We’ve all heard the slogan ‘no pain, no gain.’ in reality, this isn’t the most sound advice for a lot of reasons. Training for a triathlon is extremely stressful, and many people suffer heart attacks and other issues from overexertion and stress in the middle of a triathlon. However, every athlete knows that in order to truly succeed, one needs to be able to push through one’s limits. It can be difficult to determine whether you are pushing too hard. If you’re experiencing pain, especially during training, here are some tips to assist you in deciding whether it’s best to push through or rest for a while.
If you’re just getting into a new workout program, then you’re likely going to be experiencing some discomfort. That’s to be expected with any part of training. However, that discomfort should only be slight. Achy muscles are one thing, but when your muscles start to feel extremely sore or a movement doesn’t feel right, then it’s time to realize that what you’re experiencing is actual pain. Knowing the difference between these two is a necessity to ensure that you can best identify when to stop and when to push through. If you have been training and running for a long time, you probably have a good handle on what your body’s normal reactions are, but be sure to pay attention to the way new exercises can impact your body.
When you get used to doing a particular activity, you don’t have to think much about it. Your brain and muscles create muscle memory that instinctively just performs the activity with little thought. If you notice that your swimming form seems off, then it’s an indication that you need to step back. Get help or advice from a qualified professional or experienced triathlete to discover how to fix your form. Pain management doctors can assess your body and let you know when you are relying more on other muscles to handle the job.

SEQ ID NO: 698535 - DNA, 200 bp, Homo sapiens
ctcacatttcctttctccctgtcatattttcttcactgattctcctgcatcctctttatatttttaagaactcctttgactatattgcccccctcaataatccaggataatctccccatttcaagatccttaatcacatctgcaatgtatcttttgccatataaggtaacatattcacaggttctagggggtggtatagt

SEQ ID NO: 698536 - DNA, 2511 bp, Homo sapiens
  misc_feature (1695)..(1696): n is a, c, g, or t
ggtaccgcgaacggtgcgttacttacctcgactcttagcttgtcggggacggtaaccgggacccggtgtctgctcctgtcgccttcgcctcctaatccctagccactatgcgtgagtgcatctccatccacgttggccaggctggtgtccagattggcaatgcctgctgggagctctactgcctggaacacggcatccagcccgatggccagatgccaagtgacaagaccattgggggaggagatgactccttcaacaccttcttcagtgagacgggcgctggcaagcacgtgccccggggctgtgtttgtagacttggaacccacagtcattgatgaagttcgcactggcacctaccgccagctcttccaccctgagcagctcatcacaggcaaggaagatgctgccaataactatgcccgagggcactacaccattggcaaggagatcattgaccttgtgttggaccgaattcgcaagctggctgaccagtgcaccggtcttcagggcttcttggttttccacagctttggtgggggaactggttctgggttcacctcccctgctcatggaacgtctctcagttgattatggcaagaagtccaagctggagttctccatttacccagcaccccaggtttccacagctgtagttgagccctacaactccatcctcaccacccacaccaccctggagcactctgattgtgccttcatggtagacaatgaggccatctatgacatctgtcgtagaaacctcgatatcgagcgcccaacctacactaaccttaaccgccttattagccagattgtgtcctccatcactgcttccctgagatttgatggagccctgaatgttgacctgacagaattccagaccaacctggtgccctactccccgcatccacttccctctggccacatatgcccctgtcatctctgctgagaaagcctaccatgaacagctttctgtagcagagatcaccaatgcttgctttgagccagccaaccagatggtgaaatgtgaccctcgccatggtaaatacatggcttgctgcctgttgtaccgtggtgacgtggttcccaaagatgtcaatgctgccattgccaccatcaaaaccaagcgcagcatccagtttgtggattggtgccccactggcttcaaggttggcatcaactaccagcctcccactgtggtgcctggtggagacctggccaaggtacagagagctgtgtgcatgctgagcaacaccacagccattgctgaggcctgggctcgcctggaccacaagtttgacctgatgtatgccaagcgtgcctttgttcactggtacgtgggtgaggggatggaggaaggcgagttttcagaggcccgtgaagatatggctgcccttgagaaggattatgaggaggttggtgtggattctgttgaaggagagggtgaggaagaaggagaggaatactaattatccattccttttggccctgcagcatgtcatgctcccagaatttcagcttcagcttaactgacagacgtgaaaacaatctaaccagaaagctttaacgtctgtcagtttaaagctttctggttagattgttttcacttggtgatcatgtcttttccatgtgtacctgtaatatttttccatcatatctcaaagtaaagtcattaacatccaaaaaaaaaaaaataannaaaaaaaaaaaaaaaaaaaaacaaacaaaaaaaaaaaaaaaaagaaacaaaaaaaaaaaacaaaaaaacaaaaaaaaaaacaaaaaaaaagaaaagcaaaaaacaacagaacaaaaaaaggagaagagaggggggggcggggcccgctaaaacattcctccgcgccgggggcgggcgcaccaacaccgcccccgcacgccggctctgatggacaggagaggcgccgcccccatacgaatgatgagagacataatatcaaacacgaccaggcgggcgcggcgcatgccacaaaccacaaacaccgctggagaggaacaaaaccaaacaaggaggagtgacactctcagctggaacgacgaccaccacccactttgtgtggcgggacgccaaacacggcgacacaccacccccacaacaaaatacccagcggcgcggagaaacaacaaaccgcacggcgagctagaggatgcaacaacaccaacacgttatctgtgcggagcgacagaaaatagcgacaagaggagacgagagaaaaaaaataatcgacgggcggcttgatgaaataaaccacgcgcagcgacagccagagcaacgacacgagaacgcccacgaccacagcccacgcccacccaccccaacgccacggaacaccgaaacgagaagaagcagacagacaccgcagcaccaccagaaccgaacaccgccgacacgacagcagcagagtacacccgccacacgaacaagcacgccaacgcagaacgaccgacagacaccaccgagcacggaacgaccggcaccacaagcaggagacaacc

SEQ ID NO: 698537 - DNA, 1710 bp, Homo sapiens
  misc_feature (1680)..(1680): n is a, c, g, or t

It’s important to note that your activity level makes a big difference in your decision. If your workout consists of alternating between walking and running then bike riding, then you know how your body feels normally. If your legs start to burn at mile two, you know that pushing through to mile three is a necessity. It will enhance your future performance. However, if you’re trying to push through mile seven when you’re only used to three, then slow to a halt when you feel pain. You need to keep your activity level within reason and don’t try to make major jumps as your body won’t be able to properly handle it. The key to triathlons is endurance, not speed. Slowly bump up your training regimen, and don’t try to do it all at once.
If you regularly train for a triathlon, simply ask your trainer or medical staff member if you have worries. They’ll be able to assess you on a physical level and ask you questions. They’ll have the ultimate knowledge that will help you to determine whether you should throw in the towel for that training session or whether you should keep pushing forward. This is especially important if you have dealt with injuries in the past.
Injuries can be extremely detrimental to your athletic performance. While discomfort is not unusual to feel when you’re training the body to get better, pain should be an alert from your body to stop. You should take caution in determining what’s best for your body by following the steps above.
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